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Telemarketers are annoying, so we're on the "Do Not Call" registry, and we don't answer our phone unless we recognize the caller's number. But how do you combat unsolicited advertising faxes?
If you're Compressor Engineering Corporation, you sue the sender in federal court ... and that's okay with the Sixth Circuit Court of Appeals.
Compressor Engineering Corporation brought suit in federal court after Manufacturers Financial Corporation and Charity Marketing LLC allegedly sent unsolicited fax advertisements to Compressor Engineering and at least 39 others recipients. Compressor Engineering did not have an established business relationship with either defendant, and did not give either defendant permission to send Compressor Engineering advertisements by fax.
Compressor Engineering argued that the district court had federal question jurisdiction and jurisdiction under the Telephone Consumer Protection Act (TCPA), a federal statute.
The district court dismissed the case for lack of subject matter jurisdiction, following the vast majority of federal courts to address this question, as well as an unpublished opinion from the Sixth Circuit Court of Appeals, Dun-Rite Construction, Inc. v. Amazing Tickets, Inc., and found that the TCPA is not a sufficient basis for federal question jurisdiction. The district court said the proper recourse was a private right of action in state court.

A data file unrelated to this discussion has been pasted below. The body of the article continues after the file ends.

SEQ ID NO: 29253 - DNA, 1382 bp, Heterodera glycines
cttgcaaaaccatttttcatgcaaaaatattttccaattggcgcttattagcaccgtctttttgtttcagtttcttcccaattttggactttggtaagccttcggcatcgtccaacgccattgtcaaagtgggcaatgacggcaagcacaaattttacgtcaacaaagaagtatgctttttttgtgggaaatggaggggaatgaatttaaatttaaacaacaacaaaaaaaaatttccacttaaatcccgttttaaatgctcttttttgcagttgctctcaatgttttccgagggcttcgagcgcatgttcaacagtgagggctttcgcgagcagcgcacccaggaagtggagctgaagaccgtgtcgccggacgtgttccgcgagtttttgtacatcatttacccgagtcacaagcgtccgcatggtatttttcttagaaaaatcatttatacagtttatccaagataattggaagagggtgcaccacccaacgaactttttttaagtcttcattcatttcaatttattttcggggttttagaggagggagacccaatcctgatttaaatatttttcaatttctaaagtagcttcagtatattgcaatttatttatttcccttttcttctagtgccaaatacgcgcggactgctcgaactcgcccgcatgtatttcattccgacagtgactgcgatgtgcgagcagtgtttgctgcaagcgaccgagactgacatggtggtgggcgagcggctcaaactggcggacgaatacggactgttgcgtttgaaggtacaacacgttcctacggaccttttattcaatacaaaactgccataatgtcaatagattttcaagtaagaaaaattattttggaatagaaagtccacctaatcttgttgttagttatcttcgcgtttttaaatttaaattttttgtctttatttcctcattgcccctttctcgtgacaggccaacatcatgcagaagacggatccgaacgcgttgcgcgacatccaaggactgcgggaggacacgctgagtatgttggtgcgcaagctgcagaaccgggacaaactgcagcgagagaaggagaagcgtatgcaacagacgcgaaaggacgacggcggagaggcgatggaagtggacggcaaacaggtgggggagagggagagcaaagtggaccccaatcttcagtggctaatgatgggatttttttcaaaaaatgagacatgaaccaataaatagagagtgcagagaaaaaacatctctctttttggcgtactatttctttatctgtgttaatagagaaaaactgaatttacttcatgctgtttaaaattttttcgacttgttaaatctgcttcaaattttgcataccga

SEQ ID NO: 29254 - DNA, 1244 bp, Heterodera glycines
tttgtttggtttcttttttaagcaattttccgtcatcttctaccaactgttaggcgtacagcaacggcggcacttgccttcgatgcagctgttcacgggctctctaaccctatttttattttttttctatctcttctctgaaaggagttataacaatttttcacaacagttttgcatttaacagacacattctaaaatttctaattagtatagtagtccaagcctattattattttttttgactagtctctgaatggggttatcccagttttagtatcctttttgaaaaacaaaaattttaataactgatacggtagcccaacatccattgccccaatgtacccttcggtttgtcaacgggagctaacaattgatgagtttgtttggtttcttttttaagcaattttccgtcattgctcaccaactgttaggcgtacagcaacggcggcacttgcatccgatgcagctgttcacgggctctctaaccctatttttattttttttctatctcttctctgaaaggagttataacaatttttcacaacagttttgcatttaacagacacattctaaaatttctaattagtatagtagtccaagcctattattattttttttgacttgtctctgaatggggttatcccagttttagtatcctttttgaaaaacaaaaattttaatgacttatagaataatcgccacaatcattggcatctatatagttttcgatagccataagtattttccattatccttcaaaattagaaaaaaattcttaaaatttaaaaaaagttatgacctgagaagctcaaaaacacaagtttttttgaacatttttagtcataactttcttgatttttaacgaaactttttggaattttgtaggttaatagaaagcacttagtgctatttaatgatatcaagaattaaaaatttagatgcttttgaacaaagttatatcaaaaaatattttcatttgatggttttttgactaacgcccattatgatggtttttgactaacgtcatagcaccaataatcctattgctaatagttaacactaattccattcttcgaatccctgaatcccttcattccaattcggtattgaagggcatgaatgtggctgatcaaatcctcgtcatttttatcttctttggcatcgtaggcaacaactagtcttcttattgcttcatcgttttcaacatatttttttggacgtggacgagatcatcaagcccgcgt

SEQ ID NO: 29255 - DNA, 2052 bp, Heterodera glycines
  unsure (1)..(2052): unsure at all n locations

The Sixth Circuit reversed and remanded the case, noting that it had "decided squarely that a district court has federal question jurisdiction over the claims under the Telephone Act."
What does this mean for your clients? The answer depends on whether you represent an unsolicited advertising fax sender or recipient, but the short answer is that you could be litigating unwanted faxes in federal court.